1,000,000SF - architecture as infrastructure III
mixed-use, eco-friendly, energy-independent, water-harvesting tower in San Francisco
This mixed-use tower is a hybrid converging architecture and infrastructure into a mega-structure which produces energy, harvests water, and offers a readily available structural framework [core and exoskeleton] to anchor newly constructed buildings.
a. World population has been increasing at an accelerated rate, and its flux is steadily directed to our metropolises. New levels of population density have to be accommodated with a new notion of architecture which blends with infrastructure, and is able to respond with supply of infrastructure that grows organically with demand. The current model is based on the obsolete threshold model, which requires generational efforts on the supply side.
b. Continual advancements in construction technology are allowing for ever-taller and ever-larger developments. Current large developments are most often delivering a mixed-use program and on the financial side, are structured upon a joint venture model which allocates risk among the players.
The increase in world population will make mixed-use larger developments the norm. Real estate values will shift toward a volume unit rather than surface unit of a piece of land. The build-able volume will depend on the height technology can deliver based on the specific plot. Further, the infrastructural component will make the public sector part of the equation. The scenario we propose is one where the infrastructural component will be built beforehand [and produce energy], while the non-infrastructural program can be apportioned into independent sub-projects built separately by developers who purchase a quantified volume to fulfill a certain kind [or amount thereof] of needed program.
c.After the recent climatic event in New York and New Jersey, which submerged entire portions of cities on the coastline, it is clear that the possibility of permanently losing certain portions of land currently inhabited is not remote. Building vertically and above the current grade is a necessary shift in city planning of densely populated areas.
The worsening of the drought problem across the globe, and specifically in California, has made it clear that conservation and rain harvesting are urgent measure to be implemented. Each newly constructed building should produce energy sufficient to fulfill its needs, and harvest rain water to us for irrigation and sanitary purposes.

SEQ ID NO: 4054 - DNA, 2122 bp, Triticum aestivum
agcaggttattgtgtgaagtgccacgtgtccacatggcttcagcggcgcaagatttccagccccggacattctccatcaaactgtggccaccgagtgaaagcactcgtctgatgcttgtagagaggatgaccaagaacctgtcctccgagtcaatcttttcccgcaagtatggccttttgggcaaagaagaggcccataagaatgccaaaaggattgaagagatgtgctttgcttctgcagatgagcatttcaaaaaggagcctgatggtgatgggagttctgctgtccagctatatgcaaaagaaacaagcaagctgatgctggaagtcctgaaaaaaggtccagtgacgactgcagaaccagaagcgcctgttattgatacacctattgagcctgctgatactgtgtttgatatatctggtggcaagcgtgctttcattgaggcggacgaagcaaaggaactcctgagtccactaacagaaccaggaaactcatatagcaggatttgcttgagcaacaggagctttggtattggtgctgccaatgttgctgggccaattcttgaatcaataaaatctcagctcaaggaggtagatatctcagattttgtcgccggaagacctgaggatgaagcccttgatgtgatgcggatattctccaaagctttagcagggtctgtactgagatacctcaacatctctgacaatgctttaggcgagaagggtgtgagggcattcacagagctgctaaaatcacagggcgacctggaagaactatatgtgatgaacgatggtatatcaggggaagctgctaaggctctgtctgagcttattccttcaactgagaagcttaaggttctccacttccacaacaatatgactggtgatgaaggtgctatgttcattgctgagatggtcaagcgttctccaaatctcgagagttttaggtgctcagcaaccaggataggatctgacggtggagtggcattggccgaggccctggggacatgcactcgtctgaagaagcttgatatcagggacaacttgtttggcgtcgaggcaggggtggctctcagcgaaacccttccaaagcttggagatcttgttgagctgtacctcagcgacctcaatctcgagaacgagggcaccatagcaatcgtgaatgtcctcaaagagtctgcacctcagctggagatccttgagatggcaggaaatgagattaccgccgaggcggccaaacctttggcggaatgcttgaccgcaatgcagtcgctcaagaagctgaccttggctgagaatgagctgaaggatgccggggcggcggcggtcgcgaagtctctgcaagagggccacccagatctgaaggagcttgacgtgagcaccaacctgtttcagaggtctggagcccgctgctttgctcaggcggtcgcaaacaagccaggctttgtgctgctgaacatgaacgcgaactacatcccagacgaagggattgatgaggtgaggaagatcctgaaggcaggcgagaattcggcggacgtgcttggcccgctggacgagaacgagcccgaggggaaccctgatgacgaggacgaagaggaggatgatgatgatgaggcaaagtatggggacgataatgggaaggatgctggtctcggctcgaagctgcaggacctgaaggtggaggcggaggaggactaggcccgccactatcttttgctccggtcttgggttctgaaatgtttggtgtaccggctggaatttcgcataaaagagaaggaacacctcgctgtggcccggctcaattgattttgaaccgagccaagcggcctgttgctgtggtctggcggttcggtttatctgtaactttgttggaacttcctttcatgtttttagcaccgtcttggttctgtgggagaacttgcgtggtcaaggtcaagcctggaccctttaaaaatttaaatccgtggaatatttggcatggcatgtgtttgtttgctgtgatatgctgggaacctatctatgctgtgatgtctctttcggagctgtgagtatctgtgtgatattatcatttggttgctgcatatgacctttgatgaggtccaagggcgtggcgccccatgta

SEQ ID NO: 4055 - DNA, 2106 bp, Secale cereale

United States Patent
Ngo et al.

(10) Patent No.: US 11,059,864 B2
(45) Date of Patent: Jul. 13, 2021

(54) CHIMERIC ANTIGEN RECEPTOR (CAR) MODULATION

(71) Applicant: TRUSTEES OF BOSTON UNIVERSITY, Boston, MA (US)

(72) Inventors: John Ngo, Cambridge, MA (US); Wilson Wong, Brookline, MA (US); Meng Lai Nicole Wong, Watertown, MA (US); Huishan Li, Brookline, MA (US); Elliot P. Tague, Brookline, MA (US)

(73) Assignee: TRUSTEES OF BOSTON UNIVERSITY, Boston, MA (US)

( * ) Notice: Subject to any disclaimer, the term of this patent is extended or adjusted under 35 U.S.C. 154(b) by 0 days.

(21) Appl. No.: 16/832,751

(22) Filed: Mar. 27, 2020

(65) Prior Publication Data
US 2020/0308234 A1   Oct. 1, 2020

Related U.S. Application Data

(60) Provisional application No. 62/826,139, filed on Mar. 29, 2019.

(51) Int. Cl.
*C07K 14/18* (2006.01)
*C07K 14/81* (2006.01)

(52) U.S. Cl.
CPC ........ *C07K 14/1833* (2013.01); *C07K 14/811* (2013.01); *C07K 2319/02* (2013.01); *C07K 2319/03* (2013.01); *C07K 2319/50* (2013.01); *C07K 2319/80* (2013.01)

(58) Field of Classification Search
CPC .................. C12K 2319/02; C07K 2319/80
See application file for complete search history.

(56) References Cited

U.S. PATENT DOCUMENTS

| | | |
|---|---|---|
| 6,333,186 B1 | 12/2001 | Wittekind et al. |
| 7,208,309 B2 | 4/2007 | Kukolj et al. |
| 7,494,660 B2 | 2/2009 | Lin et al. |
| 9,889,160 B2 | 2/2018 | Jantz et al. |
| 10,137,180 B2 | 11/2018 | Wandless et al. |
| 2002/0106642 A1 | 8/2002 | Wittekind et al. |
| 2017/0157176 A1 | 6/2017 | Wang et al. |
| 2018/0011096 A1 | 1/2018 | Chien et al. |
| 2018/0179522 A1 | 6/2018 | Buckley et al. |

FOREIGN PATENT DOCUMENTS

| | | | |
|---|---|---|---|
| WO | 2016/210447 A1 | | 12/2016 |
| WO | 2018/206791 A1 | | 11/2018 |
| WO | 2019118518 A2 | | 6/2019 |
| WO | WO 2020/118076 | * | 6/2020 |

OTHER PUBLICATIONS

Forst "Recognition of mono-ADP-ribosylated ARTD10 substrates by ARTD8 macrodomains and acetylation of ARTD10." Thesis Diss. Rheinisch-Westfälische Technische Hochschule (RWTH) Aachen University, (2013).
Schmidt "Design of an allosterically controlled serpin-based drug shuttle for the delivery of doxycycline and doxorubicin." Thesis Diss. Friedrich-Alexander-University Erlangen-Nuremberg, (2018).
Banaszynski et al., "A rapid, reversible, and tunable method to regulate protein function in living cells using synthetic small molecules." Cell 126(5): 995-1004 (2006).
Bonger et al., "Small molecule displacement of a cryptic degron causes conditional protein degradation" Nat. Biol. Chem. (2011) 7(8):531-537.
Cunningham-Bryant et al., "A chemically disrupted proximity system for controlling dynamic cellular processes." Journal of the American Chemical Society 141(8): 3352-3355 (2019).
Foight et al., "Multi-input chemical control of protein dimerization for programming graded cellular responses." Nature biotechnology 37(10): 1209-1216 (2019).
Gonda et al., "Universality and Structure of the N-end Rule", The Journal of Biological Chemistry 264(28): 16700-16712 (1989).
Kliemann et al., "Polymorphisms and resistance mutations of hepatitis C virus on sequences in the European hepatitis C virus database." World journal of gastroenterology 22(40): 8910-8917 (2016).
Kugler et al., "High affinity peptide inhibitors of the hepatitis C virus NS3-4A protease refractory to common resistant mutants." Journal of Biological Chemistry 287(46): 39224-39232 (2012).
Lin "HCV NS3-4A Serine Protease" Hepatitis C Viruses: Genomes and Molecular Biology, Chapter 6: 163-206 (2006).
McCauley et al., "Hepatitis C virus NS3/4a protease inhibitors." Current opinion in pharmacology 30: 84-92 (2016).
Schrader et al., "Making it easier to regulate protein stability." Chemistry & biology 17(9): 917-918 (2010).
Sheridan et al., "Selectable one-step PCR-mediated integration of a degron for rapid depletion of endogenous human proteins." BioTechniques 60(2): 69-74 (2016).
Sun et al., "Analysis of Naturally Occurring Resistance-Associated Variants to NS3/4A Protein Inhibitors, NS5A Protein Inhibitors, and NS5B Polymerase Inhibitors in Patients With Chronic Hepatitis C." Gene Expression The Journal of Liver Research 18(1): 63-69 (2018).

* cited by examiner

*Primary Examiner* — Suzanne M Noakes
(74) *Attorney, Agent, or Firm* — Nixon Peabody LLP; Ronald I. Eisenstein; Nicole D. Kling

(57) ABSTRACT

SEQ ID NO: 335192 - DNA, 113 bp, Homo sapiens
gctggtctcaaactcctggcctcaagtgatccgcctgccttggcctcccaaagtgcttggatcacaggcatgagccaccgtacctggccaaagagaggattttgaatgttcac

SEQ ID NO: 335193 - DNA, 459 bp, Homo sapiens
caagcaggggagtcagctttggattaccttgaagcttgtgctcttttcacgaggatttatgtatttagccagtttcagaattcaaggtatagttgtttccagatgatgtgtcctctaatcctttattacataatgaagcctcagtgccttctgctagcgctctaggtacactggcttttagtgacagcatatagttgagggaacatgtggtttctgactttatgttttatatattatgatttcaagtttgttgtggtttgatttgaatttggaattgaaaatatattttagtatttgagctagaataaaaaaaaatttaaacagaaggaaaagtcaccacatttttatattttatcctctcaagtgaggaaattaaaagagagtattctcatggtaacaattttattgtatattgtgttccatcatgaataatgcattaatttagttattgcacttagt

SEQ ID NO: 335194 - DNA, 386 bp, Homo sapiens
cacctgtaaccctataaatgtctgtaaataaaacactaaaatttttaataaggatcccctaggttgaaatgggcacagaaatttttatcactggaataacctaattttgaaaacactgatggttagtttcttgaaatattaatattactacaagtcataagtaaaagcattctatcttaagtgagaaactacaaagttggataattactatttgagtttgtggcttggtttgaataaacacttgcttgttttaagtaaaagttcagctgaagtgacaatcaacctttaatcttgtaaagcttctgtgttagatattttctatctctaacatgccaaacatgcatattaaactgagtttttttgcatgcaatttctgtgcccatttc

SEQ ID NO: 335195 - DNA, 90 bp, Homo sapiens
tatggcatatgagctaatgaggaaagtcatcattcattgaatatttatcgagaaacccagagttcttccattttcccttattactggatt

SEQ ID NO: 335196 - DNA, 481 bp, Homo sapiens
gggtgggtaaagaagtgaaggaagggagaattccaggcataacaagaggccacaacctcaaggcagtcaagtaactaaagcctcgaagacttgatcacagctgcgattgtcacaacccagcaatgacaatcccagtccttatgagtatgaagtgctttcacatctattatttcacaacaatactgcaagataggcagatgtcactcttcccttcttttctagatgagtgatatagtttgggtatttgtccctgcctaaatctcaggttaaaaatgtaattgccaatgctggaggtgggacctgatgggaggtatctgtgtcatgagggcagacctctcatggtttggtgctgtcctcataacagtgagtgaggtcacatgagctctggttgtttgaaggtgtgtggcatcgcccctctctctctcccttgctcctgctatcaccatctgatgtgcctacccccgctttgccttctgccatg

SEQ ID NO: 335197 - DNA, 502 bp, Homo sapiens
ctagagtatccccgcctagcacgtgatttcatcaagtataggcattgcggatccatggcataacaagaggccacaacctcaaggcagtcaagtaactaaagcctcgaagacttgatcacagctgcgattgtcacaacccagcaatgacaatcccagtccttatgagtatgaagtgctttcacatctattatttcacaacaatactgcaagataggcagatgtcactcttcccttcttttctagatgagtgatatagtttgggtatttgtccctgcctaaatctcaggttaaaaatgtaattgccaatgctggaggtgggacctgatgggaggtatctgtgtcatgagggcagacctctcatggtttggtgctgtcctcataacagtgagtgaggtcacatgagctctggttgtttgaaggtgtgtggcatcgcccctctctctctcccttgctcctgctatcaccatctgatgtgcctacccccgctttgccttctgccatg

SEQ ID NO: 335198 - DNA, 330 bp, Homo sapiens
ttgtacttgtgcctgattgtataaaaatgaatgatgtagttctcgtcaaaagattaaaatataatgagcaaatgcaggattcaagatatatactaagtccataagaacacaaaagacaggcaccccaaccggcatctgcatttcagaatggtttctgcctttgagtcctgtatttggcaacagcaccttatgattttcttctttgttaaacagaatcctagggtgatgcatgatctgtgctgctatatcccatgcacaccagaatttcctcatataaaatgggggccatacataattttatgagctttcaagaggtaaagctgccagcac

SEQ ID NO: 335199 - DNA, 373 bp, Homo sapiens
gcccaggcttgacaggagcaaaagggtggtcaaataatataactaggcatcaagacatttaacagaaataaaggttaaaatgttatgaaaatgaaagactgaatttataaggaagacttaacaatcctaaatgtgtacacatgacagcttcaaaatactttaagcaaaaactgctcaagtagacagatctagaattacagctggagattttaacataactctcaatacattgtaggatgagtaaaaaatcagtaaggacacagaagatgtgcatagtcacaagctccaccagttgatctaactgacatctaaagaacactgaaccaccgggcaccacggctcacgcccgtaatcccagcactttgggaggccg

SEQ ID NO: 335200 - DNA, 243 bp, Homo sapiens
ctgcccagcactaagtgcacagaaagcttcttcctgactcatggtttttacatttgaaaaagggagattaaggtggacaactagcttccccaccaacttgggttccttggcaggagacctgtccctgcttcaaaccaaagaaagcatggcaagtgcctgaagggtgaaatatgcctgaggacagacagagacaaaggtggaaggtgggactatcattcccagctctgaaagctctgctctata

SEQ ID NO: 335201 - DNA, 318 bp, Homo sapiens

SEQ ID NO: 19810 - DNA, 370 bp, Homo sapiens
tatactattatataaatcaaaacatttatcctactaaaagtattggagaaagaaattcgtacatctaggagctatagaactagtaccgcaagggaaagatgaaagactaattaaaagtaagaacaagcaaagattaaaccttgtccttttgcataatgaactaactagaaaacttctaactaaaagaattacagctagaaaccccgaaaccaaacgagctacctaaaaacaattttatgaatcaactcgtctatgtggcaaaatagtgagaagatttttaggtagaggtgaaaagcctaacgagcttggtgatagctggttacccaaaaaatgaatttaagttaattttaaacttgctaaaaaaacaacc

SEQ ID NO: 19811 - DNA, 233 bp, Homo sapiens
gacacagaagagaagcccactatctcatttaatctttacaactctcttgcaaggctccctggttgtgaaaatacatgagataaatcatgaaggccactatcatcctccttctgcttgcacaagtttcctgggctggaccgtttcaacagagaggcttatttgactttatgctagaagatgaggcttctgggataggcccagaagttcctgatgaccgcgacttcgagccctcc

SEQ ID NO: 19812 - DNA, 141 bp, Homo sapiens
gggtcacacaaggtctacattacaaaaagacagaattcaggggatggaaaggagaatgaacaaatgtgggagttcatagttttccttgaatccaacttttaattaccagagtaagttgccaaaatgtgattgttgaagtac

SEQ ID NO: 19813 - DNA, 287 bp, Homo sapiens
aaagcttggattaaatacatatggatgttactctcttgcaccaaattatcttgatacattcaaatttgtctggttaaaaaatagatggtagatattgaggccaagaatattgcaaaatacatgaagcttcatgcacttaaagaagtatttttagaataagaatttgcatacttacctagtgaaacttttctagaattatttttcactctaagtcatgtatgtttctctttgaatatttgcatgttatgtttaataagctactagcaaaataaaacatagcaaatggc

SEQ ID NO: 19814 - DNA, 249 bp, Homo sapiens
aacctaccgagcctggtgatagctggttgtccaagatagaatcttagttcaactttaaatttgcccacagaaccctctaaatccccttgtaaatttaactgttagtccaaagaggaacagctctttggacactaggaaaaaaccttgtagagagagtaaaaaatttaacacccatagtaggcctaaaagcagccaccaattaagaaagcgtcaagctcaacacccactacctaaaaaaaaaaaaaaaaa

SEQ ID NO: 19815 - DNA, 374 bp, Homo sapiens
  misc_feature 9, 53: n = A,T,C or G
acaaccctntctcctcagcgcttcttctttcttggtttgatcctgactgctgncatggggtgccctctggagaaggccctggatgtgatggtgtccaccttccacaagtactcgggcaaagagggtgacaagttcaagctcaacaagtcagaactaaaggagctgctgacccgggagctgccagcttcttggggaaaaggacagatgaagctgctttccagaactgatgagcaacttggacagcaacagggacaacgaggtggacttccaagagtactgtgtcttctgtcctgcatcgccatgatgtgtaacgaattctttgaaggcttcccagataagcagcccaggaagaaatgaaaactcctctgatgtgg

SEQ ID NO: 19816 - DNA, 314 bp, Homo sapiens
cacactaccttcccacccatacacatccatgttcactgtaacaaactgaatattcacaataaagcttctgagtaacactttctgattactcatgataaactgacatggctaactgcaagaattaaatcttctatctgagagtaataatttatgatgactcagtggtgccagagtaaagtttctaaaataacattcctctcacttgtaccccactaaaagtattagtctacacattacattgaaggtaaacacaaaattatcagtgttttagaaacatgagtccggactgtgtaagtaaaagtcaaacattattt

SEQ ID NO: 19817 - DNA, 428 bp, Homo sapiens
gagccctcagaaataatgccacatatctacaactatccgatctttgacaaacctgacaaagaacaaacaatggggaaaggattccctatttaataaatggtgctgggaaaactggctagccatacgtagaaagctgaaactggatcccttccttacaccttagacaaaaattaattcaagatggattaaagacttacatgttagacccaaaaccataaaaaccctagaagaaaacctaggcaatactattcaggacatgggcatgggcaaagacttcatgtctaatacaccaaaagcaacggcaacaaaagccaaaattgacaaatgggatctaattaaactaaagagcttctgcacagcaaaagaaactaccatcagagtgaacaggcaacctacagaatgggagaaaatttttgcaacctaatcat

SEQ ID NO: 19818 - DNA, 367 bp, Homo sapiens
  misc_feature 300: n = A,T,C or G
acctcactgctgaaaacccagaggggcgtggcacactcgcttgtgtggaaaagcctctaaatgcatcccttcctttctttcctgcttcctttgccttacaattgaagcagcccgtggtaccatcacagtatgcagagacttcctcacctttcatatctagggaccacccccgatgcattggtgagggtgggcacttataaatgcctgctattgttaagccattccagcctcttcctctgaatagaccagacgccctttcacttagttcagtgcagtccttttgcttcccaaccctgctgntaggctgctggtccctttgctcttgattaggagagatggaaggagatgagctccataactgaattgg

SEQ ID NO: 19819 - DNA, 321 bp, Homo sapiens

This tower is located in San Francisco. It is comprised of a central space frame truss aided by seven cores holding redundant conveying systems and stairwells. Attached to this structural system are two rhomboidal skins of hollow alloy pipes used to drain the rain water collected by the basin sitting atop the building. The size of the rhomboids decreases from top to bottom to decelerate the water as it travels at otherwise increasing speeds. These skins also hold a series of Darrieus windmills which implement the power produced by the towers. While this three-dimensional framework constitutes the infrastructural portion of the project, the towers built within it deliver its programmatic portion. The entire glazing system of each tower is covered with a thin-film solar cell (TFSC) by Nanosolar. This technology allows for a thin-film photovoltaic cell (TFPV), to be deposited in thin layers (thin film) on a substrate. This system alone makes each tower self-sufficient in terms of energy needs. Further, their slender profile and their siting within the structural system also contribute to their energy efficiency. The infrastructure is oriented to take advantage of prevailing winds, while the towers are oriented to take advantage of day lighting in a way fitting their program.